BBC office interior showing multi-use seating and meeting areas.

Third Spaces and the Future of Work

In offices and apartment buildings, new places to get work done bring a new set of challenges.

The “third place” is a term coined by sociologist Ray Oldenburg to refer to places where people spend time between home and work. “They are locations where we exchange ideas, have a good time, and build relationships,” according to a report by the Brookings Institution that also cites them as a key tool for urban planners working to stabilize neighborhoods.

The COVID-19 pandemic has made this once-niche concept part of more and more designers’ lexicons. An October 21 Think Tank panel focused on the subject, and the opportunities and challenges it presents, in a session hosted by FXCollaborative of New York and moderated by Metropolis editor in chief Avinash Rajagopal.

Wilfredo Rodriguez-Joglar, design director, interior architecture, FXCollaborative, built on the idea that third places can lend a sense of identity to the workplace when applied to that context. “The pandemic has allowed us to pursue a new way of thinking in designing offices,” he said. “There are places to focus as well as to collaborate with people. There are others where people come together and socialize. These can be places for recharging, such as lounges and even outdoor terraces.”

“The pandemic has allowed us to pursue a new way of thinking in designing offices.”

Wilfredo Rodriguez-Joglar, design director, interior architecture, FXCollaborative

In a nutshell, parts of the home become the office, and parts of the office become the home. But how should this square footage actually be organized?

“It’s about the way in which the amenity spaces are set up and how they’re adjusted,” said Kimberley Petredis, senior associate and director of residential interiors, FXCollaborative. “For example, some need complete silence and others like a small amount of noise in the background. Everything and everyone are related to everything and everyone else.”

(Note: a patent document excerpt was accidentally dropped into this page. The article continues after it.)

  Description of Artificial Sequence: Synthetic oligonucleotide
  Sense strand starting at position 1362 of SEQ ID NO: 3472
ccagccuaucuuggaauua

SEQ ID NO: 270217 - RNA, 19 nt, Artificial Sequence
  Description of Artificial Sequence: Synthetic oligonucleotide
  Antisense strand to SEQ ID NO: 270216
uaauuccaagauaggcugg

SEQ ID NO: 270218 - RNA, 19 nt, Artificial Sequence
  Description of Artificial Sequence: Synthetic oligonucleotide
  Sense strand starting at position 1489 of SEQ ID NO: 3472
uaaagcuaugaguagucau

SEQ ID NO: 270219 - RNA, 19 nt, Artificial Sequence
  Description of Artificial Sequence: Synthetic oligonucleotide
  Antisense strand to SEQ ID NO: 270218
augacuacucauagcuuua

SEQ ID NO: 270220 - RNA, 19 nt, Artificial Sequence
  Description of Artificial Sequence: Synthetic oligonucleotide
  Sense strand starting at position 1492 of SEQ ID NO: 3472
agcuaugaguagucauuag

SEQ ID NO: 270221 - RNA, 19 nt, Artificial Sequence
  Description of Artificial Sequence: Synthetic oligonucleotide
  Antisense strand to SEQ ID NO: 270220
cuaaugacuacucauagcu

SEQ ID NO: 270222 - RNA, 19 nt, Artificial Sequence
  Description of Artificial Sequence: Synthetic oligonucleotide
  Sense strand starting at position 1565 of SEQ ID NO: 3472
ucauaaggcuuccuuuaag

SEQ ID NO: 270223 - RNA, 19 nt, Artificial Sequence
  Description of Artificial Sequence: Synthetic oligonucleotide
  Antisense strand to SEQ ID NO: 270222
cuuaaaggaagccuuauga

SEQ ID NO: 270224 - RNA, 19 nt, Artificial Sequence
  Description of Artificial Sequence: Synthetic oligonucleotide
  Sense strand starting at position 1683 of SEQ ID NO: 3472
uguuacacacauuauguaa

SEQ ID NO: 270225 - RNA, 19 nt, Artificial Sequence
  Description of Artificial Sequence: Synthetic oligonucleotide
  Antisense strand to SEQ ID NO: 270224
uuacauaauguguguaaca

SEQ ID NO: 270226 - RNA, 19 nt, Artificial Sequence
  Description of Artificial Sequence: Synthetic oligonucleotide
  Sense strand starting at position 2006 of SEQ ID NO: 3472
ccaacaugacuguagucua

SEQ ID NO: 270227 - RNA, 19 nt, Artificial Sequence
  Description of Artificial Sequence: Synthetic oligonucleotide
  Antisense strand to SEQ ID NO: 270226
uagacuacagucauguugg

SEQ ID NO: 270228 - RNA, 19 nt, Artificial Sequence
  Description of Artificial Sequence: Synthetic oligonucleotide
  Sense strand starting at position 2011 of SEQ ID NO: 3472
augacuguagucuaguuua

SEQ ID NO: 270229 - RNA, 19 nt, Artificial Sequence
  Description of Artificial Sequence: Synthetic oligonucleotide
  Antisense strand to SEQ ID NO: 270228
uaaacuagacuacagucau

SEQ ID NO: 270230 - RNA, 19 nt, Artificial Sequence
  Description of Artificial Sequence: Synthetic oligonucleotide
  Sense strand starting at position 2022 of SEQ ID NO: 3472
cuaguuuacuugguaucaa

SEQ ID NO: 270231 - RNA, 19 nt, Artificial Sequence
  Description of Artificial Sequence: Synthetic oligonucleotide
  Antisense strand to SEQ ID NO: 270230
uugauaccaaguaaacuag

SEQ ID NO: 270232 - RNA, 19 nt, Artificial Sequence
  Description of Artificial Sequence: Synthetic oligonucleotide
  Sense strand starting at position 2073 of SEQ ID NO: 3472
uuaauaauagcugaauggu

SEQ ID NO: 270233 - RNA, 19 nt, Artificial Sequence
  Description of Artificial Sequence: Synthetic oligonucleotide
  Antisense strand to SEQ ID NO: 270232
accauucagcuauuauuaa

Rodriguez-Joglar put forth his idea of a dream project replete with third places—maybe even one large third place. It’s a city within a city, he explained. “Ideally you have a setup where a developer builds a campus: one residential, the other office. There is a central park, childcare, coffee shops, a market, and medical offices. You live and work in the same ‘city’—it’s part of how people are thinking of the future.”

But short of this utopia, the pandemic has made “collaborative spaces” in offices more difficult. Rodriguez-Joglar pointed to the technology challenge, making a conference room easy to use for all employees, from young tech-savvy staff to senior executives. “In the best case you could walk into the room with a simple app on your smartphone, and with a swipe bring up the needed technology, be it a television or a Zoom call. But it doesn’t happen that way. This is one of the biggest struggles we have.”

Petredis ended the session with a plea of sorts that designers of third spaces consider human health, both physical and mental. “We design for mental health. In some places cool light works, and in others warm light works. And if you’re around materials that aren’t off-gassing and destroying the earth, you are going to feel better.”

The Think Tank discussions were held on October 7, 14, and 21. The conversations were presented in partnership with Arc-Com, LX Hausys, Versteel, GROHE, and Arden Studio.

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